In Hinduism, Mara brings death (Mrtyu) in the same way that Kama brings love and intimacy. On their own, neither is important, but act more as attributes than as deities. Generally references to Mara as an individual are referenced to Maya Devi (Queen Māyā).
Death, "the Striker" or "Tempter" or "The Evil One" or "The Killer"; embodiment of the selfish attachments and temptations that bind one to the cycle of birth and death. The opposite of the Buddha nature in each person.
Mara is Sanskrit for a demon, and refers to anything that obstructs the attainment of liberation or enlightenment. There are four principal types of mara: the mara of the delusions, the mara of contaminated aggregates, the mara of uncontrolled death, and the Devaputra maras. Of these, only the last are actual sentient beings. The principal Devaputra mara is wrathful Ishvara, the highest of the desire realm gods, who inhabits Land of Controlling Emanations. A Buddha is called a `ConqueroraE because he or she has conquered all four types of mara. See Heart of Wisdom.
Generally regarded as the personification of Death, the Evil One, the Tempter (the Buddhist counterpart of the Devil or Principle of Destruction). The legends concerning Mara are, in the books, very involved and defy any attempts at unravelling them. In the latest accounts, mention is made of five Maras Khandha Mara, Kilesa Mara, Abhisankhara Mara, Maccu Mara and Devaputta Mara
as shown in the following quotations: pancannam pi Maranam vijayato jino (ThagA.ii.16); sabbamittehi khandha kilesa bhisankharamaccudeva puttasankhate, sabbapaccatthike (ThagA.ii.46); sankhepato va pancakilesa khandhabhi sankhara devaputta maccumare abhanji, tasma . . . bhagava ti vuccati (Vsm.211).
Elsewhere, however, Mara is spoken of as one, three, or four. Where Mara is one, the reference is generally either to the kilesas or to Death. Thus: Marenati kilesamarena (ItvA.197); Marassa visaye ti kilesamarassa visaye (ThagA.ii.70); jetvana maccuno senam vimokkhena anavaran ti lokattayabhibyapanato diyaddhasahassadi vibhagato ca vipulatta annehi avaritum patisedhetum asakkuneyyatta ca maccuno, Marassa, senam vimokkhena ariyamaggena jetva (ItvA.198); Marasena ti ettha satte anatthe niyojento maretiti Maro (UdA.325); nihato Maro bodhimule ti vihato samucchinno kilesamaro bodhirukkhamule (Netti Cty. 235); vasam Marassa gacchatiti kilesamarassa ca sattamarassa (?) ca vasam gacchi (Netti, p. 86); tato sukhmnataram Marabandhanan ti kilesabandhanam pan etam tato sukhumataram (SA.iii.82); Maro maro ti maranam pucchati, maradhammo ti maranadhammo (SA.ii.246).
It is evidently with this same significance that the term Mara, in the older books, is applied to the whole of the worldly existence, the five khandhas, or the realm of rebirth, as opposed to Nibbana. Thus Mara is defined at CNid. (No. 506) as kammabhisankharavasena patisandhiko kandhamaro dhatumaro, ayatanamaro. And again: Maro Maro ti bhante vuccati katamo nu kho bhante Maro ti? Rupam kho, Radha, Maro, vedanamaro, sannamaro, sankharamaro vinnanam Maro (S.iii.195); yo kho Radha Maro tatra chando pahatabbo. Ko ca Radha Maro? Rupam kho Radha Maro . . . pe . . . vedanamaro. Tatra kho Radha chando pahatabbo (S.iii.198); sa upadiyamano kho bhikku baddho Marassa, anupadiyamano mutto papimato (S.iii.74); evam sukhumam kho bhikkhave, Vepacittibandhanam; tato sukhumataram marabandhanam; mannamano kho bhikkhave baddho Marassa, amannamano mutto papimato (S.iv.202); labhati Maro otaram, labhati Maro arammanam (S.iv.85); santi bhikkhave cakkhuvinneyyarupa ... pe . . . tan ce bhikkhu abhinandati . . . pe . . . ayam vuccati bhikkhave bhikkhu avasagato Marassa, Marassa vasam, gato (S.iv.91); dhunatha maccuno senam nalagaram va kunjaro ti pannindriyassa padathanam (Netti, p. 40);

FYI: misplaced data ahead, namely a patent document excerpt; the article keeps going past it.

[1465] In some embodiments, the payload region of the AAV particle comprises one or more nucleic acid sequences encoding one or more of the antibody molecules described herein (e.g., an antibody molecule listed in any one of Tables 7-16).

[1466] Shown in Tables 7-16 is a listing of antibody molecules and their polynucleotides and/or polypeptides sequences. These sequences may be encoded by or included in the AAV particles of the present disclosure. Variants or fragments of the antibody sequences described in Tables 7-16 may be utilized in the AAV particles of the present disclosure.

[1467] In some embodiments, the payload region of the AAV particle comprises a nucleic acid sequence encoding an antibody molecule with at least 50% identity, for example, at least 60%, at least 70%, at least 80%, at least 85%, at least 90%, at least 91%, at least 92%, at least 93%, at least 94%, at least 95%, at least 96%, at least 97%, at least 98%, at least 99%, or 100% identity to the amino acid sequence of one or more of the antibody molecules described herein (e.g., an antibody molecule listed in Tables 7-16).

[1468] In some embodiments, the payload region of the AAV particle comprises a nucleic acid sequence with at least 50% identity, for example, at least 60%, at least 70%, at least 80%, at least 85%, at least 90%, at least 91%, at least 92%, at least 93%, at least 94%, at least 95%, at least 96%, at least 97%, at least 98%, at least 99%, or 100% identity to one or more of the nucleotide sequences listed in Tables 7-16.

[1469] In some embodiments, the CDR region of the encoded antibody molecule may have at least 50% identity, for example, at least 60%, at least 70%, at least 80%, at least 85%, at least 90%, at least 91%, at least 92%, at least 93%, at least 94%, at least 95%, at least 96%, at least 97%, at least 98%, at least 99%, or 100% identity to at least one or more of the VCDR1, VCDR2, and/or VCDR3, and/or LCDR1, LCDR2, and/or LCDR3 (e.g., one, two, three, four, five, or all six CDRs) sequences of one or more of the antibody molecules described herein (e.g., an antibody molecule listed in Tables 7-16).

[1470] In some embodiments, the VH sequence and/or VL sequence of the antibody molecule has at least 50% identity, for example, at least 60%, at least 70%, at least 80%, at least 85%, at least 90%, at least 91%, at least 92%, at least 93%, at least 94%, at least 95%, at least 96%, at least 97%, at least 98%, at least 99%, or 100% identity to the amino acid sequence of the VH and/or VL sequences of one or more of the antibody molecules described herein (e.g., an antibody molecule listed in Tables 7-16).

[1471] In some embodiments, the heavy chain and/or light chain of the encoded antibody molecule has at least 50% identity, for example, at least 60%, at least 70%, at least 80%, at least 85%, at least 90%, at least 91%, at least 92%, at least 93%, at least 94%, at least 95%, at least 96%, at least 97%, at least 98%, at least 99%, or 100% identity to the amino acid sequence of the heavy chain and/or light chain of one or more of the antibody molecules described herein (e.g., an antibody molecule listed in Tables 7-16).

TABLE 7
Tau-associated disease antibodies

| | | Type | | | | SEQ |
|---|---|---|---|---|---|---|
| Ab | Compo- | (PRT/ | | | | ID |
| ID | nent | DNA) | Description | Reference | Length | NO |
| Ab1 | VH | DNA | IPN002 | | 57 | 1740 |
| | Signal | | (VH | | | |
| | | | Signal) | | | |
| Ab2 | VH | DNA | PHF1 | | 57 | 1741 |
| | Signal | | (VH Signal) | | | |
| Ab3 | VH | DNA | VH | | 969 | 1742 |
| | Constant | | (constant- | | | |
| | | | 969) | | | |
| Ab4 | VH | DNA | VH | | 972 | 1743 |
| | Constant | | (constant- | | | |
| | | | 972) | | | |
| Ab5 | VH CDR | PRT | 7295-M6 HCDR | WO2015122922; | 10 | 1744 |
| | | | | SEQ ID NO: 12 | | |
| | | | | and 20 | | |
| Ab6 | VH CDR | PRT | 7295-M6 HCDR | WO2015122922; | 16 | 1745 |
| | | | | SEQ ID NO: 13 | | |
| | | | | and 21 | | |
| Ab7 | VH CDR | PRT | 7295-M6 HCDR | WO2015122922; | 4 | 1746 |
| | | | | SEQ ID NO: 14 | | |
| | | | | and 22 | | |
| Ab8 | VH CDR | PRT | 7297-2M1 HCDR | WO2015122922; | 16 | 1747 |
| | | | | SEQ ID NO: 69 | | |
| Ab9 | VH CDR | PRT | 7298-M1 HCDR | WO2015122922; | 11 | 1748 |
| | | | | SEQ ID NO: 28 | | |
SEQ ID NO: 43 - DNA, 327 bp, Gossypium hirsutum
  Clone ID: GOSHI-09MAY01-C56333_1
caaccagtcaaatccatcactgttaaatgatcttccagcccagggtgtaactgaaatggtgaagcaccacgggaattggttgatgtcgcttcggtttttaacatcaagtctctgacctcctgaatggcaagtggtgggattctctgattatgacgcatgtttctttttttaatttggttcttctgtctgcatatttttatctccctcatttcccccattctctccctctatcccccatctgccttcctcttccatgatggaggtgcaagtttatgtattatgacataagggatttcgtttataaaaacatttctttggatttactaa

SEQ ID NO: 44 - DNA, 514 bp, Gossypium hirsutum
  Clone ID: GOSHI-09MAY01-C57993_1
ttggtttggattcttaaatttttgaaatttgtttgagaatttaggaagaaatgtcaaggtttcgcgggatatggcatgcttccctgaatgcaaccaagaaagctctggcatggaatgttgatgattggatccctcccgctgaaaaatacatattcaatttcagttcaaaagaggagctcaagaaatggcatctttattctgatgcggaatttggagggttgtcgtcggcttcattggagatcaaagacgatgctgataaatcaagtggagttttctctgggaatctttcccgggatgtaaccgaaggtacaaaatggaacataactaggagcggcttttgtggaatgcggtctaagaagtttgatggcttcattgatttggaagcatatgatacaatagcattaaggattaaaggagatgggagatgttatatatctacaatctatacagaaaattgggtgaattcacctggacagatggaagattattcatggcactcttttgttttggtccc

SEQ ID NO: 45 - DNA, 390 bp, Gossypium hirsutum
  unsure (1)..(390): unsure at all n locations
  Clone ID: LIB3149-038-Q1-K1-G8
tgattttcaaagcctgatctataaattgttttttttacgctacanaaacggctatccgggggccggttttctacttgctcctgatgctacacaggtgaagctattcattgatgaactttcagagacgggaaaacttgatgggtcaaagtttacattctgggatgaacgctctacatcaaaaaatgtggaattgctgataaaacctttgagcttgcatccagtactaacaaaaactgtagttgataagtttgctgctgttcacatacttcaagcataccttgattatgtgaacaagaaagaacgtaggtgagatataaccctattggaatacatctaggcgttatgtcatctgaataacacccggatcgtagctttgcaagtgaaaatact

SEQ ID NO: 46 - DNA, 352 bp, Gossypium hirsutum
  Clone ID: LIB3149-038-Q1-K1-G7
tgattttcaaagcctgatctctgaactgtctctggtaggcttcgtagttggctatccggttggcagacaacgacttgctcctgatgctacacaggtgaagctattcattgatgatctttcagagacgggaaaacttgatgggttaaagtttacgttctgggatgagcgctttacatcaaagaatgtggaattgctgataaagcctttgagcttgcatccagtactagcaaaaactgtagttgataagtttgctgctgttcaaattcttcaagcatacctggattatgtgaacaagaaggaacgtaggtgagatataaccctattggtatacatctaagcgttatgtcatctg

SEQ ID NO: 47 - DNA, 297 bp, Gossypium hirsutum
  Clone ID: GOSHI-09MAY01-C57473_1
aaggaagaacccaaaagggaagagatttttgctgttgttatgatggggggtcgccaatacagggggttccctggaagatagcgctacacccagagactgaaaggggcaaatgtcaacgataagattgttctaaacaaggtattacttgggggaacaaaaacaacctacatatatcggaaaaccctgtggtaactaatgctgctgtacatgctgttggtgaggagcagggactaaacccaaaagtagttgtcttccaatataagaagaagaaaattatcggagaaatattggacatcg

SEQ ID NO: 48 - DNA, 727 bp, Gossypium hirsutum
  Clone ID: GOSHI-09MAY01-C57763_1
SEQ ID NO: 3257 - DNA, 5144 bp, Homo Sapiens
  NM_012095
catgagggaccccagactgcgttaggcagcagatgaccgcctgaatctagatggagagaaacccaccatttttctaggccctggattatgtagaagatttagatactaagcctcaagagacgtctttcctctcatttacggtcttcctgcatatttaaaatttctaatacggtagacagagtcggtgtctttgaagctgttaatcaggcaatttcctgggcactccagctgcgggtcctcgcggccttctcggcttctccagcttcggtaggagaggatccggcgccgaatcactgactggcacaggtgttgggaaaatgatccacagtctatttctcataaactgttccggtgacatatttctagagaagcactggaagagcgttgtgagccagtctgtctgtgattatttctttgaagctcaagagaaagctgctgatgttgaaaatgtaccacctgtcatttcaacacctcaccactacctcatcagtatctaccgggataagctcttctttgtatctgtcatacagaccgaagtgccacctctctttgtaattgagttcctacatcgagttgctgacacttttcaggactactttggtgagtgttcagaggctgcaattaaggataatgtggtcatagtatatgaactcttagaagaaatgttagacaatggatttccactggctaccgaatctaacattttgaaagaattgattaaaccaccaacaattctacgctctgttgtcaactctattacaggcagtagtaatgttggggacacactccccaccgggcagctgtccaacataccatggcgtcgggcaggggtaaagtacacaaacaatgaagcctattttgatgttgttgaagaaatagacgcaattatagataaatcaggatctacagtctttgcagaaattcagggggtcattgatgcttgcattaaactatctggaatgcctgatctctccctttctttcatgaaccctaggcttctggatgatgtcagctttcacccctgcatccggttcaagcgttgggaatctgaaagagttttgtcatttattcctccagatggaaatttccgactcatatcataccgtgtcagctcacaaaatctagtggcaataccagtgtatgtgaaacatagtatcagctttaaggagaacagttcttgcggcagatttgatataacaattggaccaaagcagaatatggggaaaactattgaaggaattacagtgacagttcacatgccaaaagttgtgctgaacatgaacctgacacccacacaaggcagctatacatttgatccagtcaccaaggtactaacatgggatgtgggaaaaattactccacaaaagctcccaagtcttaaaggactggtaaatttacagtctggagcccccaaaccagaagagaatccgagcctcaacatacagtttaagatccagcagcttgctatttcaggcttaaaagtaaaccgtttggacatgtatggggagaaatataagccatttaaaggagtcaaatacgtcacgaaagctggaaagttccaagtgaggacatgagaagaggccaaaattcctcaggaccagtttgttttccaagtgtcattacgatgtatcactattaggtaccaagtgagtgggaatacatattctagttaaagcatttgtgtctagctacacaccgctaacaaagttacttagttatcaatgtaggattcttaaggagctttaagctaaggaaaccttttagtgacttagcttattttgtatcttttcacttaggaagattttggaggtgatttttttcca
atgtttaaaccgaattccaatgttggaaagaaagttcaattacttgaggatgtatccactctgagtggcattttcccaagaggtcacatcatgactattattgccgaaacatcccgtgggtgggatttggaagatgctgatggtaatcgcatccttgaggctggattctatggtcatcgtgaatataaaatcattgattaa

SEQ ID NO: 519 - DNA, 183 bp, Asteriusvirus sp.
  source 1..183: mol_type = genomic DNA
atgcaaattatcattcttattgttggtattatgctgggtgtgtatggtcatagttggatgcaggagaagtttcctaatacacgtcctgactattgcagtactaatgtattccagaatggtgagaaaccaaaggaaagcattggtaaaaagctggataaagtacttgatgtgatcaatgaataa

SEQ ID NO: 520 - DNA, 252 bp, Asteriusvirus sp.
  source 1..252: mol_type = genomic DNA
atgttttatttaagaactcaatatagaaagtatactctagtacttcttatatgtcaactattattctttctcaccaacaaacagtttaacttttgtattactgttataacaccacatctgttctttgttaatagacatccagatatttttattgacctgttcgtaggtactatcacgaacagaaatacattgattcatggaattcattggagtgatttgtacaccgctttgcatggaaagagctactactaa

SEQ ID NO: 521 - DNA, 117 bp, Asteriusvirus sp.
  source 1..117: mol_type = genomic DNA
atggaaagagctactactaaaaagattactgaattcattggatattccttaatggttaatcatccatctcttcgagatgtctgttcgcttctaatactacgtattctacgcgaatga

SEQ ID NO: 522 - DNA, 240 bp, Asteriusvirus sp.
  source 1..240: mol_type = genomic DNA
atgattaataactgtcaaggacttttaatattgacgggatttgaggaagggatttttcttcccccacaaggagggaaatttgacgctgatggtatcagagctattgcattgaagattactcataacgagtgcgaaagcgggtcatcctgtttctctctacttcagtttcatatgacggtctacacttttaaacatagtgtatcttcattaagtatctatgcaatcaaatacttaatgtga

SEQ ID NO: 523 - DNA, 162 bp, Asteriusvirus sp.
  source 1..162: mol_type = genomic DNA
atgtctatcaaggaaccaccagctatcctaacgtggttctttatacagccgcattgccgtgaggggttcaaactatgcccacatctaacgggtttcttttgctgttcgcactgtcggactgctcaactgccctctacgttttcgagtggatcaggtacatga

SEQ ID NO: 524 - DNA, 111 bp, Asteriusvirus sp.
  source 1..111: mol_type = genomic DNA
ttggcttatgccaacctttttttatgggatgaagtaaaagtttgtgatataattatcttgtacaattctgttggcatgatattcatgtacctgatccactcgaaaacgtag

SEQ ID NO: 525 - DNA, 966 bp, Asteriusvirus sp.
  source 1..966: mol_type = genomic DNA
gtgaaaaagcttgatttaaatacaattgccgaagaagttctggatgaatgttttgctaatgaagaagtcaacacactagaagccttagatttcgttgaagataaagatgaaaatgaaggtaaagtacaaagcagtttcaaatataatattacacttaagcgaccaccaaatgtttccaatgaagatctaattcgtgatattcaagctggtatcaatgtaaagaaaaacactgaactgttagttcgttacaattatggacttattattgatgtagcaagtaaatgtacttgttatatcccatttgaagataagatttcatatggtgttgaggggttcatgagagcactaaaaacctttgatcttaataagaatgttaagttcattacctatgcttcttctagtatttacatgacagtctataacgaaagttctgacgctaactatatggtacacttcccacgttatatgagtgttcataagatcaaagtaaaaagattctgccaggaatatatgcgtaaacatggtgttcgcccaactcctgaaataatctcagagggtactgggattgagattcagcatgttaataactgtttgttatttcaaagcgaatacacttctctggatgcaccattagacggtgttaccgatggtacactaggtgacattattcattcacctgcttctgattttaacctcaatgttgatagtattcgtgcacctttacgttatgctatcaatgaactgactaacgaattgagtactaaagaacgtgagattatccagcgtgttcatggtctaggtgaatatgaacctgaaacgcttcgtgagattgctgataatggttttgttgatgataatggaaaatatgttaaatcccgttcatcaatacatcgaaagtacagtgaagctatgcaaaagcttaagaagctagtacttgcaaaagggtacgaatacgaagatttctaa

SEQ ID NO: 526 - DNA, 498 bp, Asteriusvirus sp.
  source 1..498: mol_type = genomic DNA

(lit. 'the killer'), is the Buddhist 'Tempter-figure. He is often called 'Māra the Evil One' (pāpimā māro) or Namuci (lit. 'the non-liberator', i.e. the opponent of liberation). He appears in the texts both as a real person (i.e. as a deity) and as personification of evil and passions, of the totality of worldly existence, and of death. Later Pāli literature often speaks of a 'fivefold Māra' (pañca-māra): 1. M. as a deity (devaputta-māra), 2. the M. of defilements (kilesa-m.), 3. the M. of the aggregates (khandha-m.), 4. the M. of the karma-formations (kamma-m.), and 5. Māra as death (maccu-m.).
As a real person, M. is regarded as the deity ruling over the highest heaven of the sensuous sphere (kāmāvacara), that of the paranimmitavasavatti-devas, the 'deities wielding power over the creations of others' (Com. to M. 1). According to tradition, when the Bodhisatta was seated under the Bodhi-tree, Māra tried in vain to obstruct his attainment of Enlightenment, first by frightening him through his hosts of demons, etc., and then by his 3 daughters' allurements. This episode is called 'Māra's war' (māra-yuddha). For 7 years M. had followed the Buddha, looking for any weakness in him; that is, 6 years before the Enlightenment and one year after it (Sn. v. 446). He also tried to induce the Buddha to pass away into Parinibbāna without proclaiming the Dhamma, and also when the time for the Buddha's Parinibbāna had come, he urged him on. But the Buddha acted on his own insight in both cases. See D. 16.
the evil one;
Māra Skt., Pali, lit., “murder, destruction”; although actually the embodiment of death, Māra symbolizes in Buddhism the passions that overwhelm human beings as well as everything that hinders the arising of the wholesome roots and progress on the path of enlightenment.